According to the theory of history, the character of the legal and political superstructure is explained by the nature of the economic structure.1 This is a claim of economic determination. But it is, according to Cohen, a restricted claim: the superstructure only includes those non-economic phenomena that are ‘economically relevant’ in the sense of being functional for the economic structure. This means, roughly, only those phenomena that are necessary to stabilise an otherwise unstable structure. Only these phenomena are functionally explained by the nature of the economic structure and so come within the ambit of the theory of history. In the Preface the superstructure is characterised by Marx as ‘legal and political’, and this suggests that the state looms large in its composition, although it does not follow that the entire state system is included in the superstructure. The theory of history in this restricted form is distinguished by Cohen from Marxist sociology which may make wider claims of economic determination, some of which might be functional in character.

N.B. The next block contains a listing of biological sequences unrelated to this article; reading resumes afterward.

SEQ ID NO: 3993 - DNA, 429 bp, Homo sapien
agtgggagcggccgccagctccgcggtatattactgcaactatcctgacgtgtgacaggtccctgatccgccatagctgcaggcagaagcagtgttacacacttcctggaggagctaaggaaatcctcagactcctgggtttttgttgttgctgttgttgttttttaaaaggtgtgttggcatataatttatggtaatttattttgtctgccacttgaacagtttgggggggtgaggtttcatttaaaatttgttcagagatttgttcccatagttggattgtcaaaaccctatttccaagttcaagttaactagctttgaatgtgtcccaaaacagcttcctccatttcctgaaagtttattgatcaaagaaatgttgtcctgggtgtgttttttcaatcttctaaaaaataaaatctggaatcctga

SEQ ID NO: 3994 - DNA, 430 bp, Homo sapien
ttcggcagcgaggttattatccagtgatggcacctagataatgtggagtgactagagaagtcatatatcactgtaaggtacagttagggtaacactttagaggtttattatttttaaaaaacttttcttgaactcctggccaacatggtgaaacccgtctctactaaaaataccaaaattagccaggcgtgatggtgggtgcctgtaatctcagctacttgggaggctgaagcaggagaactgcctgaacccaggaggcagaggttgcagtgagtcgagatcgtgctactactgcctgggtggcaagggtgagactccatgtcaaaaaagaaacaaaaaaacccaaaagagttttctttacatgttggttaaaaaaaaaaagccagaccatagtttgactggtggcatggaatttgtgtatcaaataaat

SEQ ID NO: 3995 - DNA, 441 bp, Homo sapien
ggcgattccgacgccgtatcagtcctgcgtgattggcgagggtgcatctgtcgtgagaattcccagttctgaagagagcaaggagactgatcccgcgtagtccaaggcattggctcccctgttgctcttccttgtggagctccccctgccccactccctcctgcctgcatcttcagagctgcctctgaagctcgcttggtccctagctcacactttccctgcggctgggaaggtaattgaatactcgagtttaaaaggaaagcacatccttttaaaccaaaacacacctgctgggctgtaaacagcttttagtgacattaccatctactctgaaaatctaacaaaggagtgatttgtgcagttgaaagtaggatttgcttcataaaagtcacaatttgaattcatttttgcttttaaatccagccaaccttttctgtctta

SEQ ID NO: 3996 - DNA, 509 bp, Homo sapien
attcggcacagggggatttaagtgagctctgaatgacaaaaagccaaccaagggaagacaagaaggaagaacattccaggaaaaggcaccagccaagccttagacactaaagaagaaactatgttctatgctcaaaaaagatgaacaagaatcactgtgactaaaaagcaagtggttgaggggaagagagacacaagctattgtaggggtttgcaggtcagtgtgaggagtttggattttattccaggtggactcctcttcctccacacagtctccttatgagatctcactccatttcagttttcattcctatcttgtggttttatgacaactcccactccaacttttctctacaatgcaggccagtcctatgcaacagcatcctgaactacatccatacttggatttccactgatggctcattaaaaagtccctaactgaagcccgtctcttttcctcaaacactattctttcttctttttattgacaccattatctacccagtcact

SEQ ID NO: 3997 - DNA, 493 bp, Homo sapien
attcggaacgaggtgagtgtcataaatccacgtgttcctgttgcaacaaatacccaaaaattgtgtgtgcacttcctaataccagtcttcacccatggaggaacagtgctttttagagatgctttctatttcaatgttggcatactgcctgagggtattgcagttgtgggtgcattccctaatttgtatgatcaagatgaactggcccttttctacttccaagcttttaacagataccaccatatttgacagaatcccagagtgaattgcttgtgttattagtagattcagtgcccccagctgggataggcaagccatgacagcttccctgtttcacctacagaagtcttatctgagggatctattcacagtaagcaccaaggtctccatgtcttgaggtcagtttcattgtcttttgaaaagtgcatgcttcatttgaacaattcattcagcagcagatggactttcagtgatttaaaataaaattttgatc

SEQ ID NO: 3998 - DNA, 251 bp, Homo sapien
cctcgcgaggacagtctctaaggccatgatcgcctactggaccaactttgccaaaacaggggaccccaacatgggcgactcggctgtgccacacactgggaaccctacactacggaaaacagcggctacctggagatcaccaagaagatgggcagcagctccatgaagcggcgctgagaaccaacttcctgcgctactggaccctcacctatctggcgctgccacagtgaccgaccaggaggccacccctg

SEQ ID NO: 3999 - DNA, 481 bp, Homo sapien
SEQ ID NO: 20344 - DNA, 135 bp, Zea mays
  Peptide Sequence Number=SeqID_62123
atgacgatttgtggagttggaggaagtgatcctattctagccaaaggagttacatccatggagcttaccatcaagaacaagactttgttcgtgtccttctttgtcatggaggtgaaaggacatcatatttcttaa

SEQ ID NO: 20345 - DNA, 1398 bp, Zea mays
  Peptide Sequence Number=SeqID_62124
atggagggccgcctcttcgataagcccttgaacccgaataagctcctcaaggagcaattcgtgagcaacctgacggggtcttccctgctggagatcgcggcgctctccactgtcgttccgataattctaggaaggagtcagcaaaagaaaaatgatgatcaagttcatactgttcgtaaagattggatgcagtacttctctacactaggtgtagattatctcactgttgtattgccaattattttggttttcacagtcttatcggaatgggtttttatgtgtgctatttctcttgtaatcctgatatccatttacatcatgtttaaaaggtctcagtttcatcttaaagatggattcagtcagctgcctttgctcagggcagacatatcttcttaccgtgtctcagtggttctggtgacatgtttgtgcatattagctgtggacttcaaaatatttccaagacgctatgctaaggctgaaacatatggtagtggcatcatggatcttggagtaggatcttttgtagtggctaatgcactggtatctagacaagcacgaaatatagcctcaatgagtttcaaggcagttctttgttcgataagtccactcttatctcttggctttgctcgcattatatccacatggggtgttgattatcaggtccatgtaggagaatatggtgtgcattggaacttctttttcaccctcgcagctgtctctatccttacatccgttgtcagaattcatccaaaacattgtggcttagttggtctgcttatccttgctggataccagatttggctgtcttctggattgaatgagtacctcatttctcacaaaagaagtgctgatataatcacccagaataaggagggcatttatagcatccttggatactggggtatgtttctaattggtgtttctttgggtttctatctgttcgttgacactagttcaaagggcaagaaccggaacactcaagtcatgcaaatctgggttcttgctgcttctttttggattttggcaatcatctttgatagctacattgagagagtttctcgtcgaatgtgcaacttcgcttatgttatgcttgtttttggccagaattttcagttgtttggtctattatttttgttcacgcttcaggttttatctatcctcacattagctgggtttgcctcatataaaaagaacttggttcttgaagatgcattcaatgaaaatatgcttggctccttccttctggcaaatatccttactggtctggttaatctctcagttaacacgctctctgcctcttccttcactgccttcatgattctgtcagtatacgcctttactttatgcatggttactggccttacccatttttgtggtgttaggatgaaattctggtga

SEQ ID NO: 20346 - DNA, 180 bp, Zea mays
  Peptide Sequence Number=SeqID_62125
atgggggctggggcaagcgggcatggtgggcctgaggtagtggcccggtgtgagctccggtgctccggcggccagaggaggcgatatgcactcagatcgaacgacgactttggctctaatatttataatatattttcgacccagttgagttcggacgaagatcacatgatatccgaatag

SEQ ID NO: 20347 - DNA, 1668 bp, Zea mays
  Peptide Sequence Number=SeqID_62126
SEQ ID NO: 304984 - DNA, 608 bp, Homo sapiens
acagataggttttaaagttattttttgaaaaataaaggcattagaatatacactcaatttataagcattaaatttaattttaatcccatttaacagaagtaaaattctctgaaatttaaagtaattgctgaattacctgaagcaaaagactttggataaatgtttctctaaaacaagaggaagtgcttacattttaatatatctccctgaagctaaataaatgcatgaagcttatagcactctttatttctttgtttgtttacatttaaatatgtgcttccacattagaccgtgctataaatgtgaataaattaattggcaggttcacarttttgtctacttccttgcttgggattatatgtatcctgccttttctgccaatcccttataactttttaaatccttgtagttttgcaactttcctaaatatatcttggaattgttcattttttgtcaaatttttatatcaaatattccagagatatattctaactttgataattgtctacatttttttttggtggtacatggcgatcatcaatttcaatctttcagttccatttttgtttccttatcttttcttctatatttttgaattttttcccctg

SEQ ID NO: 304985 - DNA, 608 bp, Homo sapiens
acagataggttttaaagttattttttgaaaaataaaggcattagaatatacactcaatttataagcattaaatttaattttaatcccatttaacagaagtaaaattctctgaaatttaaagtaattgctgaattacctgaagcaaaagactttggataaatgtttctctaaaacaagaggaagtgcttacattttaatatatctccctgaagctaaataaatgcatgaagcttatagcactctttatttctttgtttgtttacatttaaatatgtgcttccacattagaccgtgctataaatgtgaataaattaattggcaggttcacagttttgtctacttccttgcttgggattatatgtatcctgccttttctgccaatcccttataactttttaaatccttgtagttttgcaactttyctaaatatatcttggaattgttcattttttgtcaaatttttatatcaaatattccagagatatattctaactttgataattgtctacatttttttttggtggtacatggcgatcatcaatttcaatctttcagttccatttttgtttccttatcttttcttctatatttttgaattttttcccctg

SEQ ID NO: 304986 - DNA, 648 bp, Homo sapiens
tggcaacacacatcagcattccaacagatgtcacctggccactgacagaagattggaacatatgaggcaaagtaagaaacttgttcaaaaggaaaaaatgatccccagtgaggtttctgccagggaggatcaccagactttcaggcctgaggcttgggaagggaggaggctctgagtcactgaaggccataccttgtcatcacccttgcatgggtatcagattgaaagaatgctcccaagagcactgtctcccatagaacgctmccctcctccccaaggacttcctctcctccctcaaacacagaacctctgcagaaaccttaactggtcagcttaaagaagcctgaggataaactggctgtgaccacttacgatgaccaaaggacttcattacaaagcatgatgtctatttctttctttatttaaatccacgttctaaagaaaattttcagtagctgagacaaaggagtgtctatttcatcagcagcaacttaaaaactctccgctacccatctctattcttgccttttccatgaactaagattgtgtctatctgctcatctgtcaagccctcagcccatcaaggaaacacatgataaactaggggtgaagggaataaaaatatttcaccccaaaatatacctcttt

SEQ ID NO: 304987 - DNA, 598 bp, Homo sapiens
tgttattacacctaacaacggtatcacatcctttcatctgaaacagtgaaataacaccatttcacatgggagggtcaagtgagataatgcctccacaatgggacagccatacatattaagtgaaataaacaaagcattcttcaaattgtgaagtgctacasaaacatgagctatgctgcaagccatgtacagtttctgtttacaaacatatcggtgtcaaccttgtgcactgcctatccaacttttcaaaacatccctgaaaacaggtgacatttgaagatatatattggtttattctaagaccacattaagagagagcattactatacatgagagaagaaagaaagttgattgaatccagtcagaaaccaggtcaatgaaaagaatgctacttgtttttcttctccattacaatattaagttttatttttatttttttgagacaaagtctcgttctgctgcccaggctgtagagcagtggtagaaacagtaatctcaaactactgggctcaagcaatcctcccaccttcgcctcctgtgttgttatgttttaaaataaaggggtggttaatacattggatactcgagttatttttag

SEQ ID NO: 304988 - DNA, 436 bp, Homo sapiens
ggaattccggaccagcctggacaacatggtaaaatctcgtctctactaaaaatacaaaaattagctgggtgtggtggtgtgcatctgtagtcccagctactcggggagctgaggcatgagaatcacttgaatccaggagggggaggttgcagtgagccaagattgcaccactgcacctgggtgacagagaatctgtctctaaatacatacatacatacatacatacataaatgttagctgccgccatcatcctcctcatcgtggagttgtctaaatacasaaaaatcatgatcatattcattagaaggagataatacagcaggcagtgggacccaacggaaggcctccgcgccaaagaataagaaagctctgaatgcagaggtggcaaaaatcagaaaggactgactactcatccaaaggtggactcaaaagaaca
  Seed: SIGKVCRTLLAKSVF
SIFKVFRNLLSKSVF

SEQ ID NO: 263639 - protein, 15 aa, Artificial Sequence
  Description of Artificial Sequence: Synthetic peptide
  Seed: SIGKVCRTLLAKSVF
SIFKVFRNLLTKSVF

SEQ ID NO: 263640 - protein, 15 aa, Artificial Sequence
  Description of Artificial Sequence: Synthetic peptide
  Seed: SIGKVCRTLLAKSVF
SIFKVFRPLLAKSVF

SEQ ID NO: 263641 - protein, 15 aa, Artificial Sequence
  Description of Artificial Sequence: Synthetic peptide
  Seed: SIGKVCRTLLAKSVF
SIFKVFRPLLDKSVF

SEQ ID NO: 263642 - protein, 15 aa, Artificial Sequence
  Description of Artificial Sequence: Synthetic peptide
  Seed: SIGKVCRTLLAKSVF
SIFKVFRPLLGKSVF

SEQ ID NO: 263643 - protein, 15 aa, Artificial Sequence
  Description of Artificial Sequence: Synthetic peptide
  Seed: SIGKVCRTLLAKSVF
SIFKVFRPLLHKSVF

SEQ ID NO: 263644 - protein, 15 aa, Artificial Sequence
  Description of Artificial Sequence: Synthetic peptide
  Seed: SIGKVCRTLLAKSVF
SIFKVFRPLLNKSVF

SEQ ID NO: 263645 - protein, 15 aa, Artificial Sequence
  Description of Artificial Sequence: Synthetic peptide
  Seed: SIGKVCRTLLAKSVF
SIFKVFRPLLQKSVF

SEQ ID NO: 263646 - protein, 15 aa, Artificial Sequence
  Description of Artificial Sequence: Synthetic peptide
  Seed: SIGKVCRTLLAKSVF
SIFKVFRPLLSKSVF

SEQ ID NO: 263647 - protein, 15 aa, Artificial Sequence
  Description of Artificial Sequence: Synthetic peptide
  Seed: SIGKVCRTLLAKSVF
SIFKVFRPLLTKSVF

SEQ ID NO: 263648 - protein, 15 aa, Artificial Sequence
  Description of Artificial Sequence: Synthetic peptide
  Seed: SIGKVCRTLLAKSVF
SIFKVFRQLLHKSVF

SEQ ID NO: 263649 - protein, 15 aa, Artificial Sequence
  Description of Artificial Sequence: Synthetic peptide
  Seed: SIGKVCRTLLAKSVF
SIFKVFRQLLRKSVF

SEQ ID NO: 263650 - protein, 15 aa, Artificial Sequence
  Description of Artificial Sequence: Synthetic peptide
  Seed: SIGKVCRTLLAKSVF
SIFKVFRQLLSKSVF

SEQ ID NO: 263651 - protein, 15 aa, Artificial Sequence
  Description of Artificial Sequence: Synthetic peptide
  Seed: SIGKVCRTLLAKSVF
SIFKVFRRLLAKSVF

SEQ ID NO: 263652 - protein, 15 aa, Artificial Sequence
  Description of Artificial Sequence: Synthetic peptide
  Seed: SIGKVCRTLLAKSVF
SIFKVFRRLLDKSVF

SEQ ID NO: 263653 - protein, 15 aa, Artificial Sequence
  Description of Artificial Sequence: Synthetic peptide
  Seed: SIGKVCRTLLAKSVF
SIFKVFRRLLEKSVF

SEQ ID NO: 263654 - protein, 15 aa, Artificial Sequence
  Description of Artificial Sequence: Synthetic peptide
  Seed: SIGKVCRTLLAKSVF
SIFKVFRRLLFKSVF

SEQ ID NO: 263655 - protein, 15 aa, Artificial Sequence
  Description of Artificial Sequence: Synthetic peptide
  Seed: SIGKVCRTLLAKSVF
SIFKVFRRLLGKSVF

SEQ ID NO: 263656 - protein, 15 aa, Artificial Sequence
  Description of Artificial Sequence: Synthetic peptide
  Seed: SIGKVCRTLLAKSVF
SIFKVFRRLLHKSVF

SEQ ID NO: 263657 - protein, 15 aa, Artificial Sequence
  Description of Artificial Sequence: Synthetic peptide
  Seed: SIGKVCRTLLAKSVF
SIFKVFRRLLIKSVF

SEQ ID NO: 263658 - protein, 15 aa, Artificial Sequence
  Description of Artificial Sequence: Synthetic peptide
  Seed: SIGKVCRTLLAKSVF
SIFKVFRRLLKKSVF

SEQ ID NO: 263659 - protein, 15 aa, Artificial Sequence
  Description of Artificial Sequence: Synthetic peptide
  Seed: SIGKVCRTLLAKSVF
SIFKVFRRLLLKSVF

KeywordsTechnical Change Productive Force Economic Structure Basic Interest Capitalist Relation
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